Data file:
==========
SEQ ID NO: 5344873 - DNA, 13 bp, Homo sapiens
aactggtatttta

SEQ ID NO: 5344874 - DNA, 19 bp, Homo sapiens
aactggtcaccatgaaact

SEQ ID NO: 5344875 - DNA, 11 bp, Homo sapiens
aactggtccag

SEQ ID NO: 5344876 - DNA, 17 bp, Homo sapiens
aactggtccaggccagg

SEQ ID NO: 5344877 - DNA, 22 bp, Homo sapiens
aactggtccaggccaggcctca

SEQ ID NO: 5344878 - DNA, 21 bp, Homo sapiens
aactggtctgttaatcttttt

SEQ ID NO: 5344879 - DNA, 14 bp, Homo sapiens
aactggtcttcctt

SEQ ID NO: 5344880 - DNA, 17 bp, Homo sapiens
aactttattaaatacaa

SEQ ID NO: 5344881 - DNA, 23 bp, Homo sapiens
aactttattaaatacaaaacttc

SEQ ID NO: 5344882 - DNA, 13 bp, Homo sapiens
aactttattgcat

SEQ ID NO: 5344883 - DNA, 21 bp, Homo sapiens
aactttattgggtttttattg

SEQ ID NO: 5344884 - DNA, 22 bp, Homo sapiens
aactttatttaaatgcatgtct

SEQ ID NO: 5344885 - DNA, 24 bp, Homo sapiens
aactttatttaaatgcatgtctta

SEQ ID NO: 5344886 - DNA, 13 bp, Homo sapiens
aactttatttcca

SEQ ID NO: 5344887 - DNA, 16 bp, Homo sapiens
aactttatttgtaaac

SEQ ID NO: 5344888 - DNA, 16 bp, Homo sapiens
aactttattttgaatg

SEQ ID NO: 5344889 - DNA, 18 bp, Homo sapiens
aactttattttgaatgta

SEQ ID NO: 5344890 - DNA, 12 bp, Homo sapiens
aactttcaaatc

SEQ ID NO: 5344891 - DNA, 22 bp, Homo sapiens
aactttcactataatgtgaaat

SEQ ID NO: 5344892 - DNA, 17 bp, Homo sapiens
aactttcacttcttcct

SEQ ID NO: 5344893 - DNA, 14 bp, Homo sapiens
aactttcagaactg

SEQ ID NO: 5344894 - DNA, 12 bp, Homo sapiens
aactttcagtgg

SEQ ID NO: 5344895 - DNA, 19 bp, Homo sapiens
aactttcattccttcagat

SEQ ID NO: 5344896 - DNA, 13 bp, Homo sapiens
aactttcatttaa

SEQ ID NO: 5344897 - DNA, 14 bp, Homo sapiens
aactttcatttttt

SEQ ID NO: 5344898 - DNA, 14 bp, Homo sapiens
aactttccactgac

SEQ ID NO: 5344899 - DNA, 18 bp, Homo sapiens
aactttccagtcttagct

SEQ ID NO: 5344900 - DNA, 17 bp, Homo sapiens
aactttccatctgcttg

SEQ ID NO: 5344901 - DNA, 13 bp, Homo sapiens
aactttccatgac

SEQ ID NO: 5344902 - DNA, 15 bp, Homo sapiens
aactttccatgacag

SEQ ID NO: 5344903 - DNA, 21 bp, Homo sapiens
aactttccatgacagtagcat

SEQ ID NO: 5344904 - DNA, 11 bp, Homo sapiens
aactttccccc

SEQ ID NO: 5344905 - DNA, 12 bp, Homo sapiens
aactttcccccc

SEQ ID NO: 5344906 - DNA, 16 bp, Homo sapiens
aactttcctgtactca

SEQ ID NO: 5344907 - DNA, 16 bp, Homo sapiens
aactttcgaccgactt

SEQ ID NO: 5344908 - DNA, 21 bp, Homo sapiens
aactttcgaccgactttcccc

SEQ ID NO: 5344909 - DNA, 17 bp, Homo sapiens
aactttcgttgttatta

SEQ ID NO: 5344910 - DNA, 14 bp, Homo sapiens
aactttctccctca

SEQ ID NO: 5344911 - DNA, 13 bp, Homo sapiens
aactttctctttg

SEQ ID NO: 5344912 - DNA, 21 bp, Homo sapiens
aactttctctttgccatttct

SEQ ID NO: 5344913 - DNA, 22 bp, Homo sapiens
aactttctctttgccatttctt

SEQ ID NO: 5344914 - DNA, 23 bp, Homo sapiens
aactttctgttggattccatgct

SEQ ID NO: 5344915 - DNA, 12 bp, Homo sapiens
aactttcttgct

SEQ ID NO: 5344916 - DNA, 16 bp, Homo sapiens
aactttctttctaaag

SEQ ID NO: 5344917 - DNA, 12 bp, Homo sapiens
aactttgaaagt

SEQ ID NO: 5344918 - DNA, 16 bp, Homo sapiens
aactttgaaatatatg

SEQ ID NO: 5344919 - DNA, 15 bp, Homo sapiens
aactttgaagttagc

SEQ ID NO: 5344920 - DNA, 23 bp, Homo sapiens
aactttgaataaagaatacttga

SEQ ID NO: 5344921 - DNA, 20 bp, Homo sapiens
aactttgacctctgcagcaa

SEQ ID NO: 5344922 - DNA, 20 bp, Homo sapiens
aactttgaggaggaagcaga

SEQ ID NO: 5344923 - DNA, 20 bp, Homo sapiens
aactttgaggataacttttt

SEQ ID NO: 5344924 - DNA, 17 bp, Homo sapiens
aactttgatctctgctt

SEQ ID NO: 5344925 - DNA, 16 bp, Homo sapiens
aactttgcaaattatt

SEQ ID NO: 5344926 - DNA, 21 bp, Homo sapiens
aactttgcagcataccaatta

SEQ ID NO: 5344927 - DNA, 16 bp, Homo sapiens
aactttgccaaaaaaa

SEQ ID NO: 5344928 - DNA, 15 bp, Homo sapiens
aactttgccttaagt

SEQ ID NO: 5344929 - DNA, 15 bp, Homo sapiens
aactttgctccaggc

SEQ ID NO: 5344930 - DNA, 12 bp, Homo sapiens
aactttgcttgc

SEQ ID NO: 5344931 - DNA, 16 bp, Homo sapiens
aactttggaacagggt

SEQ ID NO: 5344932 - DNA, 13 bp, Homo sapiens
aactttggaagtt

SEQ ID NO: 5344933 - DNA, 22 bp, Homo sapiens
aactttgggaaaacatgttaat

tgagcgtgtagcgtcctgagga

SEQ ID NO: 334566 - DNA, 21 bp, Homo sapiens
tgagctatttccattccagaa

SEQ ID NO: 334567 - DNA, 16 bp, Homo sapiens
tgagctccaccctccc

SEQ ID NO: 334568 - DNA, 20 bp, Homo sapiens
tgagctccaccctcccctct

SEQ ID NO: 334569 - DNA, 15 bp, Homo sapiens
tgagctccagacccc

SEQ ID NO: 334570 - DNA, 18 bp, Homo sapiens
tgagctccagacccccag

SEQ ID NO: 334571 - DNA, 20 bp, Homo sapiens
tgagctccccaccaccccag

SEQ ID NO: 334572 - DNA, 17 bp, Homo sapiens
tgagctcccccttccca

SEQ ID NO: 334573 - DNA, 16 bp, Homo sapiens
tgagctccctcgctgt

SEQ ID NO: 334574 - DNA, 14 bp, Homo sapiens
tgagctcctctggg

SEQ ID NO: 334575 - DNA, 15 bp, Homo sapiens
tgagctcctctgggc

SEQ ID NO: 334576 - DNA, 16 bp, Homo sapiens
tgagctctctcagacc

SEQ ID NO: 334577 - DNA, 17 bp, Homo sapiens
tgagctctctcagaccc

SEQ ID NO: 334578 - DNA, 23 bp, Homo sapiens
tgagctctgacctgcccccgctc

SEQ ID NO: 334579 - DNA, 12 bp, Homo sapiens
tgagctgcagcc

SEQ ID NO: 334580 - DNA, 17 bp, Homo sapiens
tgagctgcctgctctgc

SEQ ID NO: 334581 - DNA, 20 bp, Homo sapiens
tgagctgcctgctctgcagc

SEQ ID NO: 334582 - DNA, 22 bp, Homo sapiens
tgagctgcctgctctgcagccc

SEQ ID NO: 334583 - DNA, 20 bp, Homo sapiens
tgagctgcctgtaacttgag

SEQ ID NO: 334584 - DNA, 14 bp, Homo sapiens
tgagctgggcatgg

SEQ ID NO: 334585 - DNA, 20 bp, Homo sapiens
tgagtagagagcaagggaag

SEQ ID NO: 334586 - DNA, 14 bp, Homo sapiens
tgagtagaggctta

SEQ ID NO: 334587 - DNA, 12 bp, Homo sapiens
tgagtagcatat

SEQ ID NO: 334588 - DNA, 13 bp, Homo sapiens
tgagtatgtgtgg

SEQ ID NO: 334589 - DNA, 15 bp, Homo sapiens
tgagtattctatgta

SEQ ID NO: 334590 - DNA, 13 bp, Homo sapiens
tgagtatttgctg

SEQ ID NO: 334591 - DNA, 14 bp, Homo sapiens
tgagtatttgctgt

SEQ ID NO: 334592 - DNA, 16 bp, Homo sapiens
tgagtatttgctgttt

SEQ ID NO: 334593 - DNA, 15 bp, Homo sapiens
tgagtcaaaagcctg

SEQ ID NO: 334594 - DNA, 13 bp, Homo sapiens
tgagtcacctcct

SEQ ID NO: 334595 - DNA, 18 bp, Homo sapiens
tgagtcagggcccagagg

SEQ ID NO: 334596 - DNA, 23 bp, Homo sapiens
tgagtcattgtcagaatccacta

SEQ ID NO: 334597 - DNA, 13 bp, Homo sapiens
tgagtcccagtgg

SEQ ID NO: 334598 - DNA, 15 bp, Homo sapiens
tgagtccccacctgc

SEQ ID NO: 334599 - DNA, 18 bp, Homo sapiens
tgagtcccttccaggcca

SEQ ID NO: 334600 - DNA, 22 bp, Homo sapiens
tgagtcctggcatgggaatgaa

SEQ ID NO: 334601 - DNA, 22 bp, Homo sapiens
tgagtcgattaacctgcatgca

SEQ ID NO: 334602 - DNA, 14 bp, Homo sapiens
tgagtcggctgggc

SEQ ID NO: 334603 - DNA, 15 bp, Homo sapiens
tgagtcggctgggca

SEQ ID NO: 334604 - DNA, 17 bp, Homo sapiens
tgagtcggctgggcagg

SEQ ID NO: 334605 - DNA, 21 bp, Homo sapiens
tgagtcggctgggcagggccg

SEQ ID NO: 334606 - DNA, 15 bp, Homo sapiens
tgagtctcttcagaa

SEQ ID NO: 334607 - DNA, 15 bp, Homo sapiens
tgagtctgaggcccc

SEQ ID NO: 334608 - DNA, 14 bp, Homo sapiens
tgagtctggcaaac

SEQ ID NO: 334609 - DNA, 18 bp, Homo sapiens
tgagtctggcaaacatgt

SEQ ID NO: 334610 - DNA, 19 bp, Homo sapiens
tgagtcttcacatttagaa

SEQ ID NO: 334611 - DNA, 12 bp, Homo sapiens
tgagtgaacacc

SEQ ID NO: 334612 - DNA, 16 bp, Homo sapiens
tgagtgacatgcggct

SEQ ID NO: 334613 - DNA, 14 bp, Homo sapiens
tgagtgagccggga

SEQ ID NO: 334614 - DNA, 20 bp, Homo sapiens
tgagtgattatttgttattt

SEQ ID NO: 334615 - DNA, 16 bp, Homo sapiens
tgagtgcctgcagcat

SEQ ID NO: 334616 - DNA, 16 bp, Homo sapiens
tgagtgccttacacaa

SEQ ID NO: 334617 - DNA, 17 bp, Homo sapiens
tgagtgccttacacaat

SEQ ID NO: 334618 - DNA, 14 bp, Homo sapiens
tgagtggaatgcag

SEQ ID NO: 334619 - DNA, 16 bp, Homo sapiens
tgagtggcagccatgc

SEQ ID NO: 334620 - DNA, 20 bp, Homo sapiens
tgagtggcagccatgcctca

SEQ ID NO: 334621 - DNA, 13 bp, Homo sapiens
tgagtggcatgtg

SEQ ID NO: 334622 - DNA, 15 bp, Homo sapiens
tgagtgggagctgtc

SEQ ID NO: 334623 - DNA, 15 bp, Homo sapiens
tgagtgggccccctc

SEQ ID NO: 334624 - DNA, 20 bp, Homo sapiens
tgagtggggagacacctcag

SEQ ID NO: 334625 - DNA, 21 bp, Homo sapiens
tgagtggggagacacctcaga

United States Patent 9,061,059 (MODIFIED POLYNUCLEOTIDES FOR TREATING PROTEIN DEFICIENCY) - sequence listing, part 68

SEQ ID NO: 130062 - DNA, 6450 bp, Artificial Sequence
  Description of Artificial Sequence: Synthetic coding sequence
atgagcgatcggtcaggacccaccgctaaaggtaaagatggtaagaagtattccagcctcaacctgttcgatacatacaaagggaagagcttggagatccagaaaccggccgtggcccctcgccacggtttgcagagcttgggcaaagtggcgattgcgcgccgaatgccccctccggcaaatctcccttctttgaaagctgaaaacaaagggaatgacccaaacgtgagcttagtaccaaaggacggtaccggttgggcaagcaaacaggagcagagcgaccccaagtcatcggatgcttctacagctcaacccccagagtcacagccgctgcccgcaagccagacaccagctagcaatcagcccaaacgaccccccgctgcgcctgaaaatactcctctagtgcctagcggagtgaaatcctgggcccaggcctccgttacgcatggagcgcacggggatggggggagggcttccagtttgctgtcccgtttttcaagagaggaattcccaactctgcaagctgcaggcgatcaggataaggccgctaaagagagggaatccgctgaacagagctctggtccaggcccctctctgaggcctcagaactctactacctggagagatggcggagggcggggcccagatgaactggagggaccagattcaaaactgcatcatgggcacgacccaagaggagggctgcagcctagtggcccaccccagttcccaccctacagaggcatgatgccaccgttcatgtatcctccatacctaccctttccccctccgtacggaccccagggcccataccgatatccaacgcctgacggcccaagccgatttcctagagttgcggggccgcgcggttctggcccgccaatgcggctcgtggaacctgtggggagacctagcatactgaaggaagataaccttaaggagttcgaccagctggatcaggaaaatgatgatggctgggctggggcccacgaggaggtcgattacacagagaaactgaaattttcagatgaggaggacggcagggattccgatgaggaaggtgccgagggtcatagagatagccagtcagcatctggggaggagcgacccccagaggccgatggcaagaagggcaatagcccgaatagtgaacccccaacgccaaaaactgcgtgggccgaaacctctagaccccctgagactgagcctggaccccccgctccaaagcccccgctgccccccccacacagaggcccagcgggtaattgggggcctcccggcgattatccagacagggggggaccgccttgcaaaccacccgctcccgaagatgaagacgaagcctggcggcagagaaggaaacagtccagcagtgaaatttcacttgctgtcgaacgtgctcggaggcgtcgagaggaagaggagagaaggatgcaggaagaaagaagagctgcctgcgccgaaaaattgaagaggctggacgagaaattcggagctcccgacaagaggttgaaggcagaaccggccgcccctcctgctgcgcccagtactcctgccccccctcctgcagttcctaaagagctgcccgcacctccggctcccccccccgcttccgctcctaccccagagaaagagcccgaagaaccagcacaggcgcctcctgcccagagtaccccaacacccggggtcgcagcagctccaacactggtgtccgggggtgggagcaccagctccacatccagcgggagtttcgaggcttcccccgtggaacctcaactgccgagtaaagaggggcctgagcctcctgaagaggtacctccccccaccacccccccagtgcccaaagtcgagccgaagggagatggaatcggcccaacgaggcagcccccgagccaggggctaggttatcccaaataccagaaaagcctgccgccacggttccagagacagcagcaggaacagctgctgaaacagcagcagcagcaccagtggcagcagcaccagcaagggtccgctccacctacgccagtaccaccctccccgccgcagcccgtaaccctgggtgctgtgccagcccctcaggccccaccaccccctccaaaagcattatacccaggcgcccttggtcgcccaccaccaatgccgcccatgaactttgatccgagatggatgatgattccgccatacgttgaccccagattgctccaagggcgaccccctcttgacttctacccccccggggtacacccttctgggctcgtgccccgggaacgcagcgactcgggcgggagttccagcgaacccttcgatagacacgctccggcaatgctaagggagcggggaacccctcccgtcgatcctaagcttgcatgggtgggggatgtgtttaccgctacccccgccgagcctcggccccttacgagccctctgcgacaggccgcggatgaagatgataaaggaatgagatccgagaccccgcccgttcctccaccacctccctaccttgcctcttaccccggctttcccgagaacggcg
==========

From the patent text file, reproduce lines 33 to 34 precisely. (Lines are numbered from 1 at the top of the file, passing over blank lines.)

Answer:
SEQ ID NO: 5344889 - DNA, 18 bp, Homo sapiens
aactttattttgaatgta